California is not so much a state of the Union

as it is an imagination that seceded from our reality a long time ago.

California was the first to discover that it was fantasy that led to reality,

not the other way around.

William Irwin Thompson

 

At a planning retreat with a client this Spring, several of us reflected that we could capture the value and motivation behind our work in a t-shirt in a simple phrase: “I love California”

I moved to this state twenty-two years ago without any experience of being here, with only the knowledge or a dream that I wanted to be here…as I’m sure many who relocate to California hold.

I’ve heard it said that in California, the world sees everything that it hopes to be and everything that it fears. As the quote above captures, California is not so much a state as a state of mind.

I love the diversity of people and places across this state, from coastal communities to the farm fields of the Central Valley, to some of the highest peaks in the country. I love living in a place where I can meet people whose families have been here for several generations and those who have just arrived. It’s this diversity in part that creates a place that has a special energy and spirit.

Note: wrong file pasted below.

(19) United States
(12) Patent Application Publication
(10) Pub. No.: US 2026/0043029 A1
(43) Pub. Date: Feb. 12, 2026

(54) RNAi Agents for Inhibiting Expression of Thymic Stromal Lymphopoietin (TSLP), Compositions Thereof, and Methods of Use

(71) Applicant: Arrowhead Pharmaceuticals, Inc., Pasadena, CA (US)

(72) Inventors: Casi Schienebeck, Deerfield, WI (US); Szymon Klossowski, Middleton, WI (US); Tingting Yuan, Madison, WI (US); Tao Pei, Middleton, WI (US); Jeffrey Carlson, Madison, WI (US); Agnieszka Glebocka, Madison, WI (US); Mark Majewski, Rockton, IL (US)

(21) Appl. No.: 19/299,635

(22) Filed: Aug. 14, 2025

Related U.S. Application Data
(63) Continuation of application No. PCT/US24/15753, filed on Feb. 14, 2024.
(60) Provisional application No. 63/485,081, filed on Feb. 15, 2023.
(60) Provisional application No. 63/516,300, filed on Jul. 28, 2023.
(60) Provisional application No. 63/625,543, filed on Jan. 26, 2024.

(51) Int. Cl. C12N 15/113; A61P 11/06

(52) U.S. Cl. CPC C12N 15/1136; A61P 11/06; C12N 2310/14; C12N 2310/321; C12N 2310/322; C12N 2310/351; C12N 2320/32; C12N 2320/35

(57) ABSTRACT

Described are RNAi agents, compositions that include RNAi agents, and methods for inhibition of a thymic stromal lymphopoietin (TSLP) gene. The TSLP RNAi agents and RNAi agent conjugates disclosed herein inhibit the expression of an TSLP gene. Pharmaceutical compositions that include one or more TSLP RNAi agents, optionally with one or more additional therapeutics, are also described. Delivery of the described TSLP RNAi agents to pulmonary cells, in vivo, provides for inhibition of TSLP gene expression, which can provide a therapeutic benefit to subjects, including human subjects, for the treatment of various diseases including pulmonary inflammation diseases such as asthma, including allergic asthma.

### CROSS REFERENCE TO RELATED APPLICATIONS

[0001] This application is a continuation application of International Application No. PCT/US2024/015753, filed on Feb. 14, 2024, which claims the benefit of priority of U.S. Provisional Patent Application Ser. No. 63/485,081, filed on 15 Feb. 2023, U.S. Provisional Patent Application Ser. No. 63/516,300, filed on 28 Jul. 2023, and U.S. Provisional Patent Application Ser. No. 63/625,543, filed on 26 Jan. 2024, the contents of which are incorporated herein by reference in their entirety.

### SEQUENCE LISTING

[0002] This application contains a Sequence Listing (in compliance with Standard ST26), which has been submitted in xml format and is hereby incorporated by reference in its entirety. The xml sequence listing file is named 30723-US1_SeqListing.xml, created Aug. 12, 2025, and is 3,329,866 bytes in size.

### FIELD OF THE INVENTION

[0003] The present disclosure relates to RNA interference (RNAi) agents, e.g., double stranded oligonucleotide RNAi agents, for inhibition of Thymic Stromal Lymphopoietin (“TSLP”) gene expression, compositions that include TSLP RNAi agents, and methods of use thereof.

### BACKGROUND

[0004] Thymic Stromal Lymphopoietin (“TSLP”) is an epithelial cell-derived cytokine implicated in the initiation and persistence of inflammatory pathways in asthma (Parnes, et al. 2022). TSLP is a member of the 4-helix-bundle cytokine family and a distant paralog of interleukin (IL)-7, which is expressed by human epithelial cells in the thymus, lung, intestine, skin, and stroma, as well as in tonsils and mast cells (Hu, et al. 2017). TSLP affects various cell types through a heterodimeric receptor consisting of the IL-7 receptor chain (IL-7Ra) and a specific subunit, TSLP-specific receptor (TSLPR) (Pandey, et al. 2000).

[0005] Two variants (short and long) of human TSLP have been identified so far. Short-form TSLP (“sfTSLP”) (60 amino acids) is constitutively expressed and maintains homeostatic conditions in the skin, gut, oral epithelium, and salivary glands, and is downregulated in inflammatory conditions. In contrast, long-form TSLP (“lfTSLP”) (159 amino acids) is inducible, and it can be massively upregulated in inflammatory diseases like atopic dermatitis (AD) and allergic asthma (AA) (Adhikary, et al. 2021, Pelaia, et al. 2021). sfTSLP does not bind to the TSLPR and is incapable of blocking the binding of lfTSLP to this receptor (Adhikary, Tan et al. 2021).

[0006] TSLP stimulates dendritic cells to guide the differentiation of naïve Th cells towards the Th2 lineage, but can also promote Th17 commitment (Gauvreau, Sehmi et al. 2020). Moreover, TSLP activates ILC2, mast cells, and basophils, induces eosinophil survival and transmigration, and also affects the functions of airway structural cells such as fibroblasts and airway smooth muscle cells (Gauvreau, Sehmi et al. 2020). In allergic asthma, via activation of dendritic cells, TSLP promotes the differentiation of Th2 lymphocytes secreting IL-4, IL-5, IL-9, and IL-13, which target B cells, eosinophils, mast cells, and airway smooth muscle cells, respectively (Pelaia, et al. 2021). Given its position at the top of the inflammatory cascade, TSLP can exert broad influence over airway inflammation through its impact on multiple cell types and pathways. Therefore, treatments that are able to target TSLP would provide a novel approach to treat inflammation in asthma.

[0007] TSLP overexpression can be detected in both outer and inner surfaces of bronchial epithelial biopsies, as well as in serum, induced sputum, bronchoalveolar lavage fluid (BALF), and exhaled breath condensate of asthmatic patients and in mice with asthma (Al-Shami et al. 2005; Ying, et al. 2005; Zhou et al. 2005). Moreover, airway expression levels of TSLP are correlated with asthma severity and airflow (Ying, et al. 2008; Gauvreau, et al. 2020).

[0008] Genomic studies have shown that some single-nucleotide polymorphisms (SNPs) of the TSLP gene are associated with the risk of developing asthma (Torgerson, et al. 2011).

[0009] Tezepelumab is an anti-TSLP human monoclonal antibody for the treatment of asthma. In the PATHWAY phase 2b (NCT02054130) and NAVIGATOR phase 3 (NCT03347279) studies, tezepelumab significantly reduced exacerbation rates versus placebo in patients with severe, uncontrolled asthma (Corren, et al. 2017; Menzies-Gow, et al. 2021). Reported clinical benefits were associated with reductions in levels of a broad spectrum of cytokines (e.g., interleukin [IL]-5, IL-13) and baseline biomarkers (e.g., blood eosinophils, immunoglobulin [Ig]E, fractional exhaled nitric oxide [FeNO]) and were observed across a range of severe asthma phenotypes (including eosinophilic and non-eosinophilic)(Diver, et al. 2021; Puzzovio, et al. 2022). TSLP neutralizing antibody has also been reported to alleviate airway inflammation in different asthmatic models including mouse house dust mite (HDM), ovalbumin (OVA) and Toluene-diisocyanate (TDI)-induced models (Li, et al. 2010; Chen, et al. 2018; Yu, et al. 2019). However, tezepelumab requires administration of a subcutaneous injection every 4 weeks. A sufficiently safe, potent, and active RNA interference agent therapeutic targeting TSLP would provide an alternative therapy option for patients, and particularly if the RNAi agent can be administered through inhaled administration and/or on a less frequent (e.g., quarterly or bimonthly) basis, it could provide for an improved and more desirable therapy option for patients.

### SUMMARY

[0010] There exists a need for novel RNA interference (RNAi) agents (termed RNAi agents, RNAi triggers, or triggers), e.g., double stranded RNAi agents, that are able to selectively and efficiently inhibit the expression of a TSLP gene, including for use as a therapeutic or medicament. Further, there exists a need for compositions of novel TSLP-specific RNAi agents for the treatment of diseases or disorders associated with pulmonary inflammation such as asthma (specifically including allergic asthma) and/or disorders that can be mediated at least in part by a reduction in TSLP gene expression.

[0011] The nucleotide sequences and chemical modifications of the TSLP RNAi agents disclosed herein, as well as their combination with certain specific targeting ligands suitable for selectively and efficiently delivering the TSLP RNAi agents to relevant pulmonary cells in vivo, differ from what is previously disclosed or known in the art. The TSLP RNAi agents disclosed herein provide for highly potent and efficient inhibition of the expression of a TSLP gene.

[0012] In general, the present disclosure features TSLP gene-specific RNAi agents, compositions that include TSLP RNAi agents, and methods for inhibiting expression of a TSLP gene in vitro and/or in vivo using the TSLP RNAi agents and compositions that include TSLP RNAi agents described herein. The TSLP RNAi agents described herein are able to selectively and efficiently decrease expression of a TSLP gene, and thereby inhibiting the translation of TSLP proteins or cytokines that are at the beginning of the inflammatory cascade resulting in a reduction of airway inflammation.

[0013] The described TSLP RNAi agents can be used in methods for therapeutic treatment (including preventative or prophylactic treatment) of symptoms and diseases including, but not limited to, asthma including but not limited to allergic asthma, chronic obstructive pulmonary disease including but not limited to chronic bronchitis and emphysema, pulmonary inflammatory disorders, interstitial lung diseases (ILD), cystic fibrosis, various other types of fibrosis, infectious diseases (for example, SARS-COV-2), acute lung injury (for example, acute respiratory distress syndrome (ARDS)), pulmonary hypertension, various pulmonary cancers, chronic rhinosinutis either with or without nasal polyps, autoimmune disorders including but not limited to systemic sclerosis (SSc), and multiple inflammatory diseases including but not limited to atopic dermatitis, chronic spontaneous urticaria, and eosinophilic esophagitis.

That’s not to say that there aren’t very real places and people to protect and very real problems to address, as there are anywhere. Yet there is a mythology—largely borne out I have seen, despite some of our more intractable challenges—that the creativity, innovation, and sense of possibility held by those in California can not only begin to solve the problems we face, but can inspire others to think and act in similarly inventive ways.

A very Californian attitude, I know.

However, this approach can not only support California communities, but can support community sustainability and positive change anywhere. In the work I’ve done around the country and around the world, I’ve seen both the potential that exists when people think positively and creatively and the self-fulfilling prophesy that comes to pass when we think that the problems we face have no solution.

At this time, California faces record drought, a growing population and associated development pressure, and questions around treating our most vulnerable residents fairly. These challenges won’t be solved by ingenuity and creativity alone—they’ll require commitments (and some sacrifices) from policymakers and the public—yet it will make it easier to address these and other issues over the long-term from a backdrop of possibility that is both part of the mythology and reality of this extraordinary place.

 

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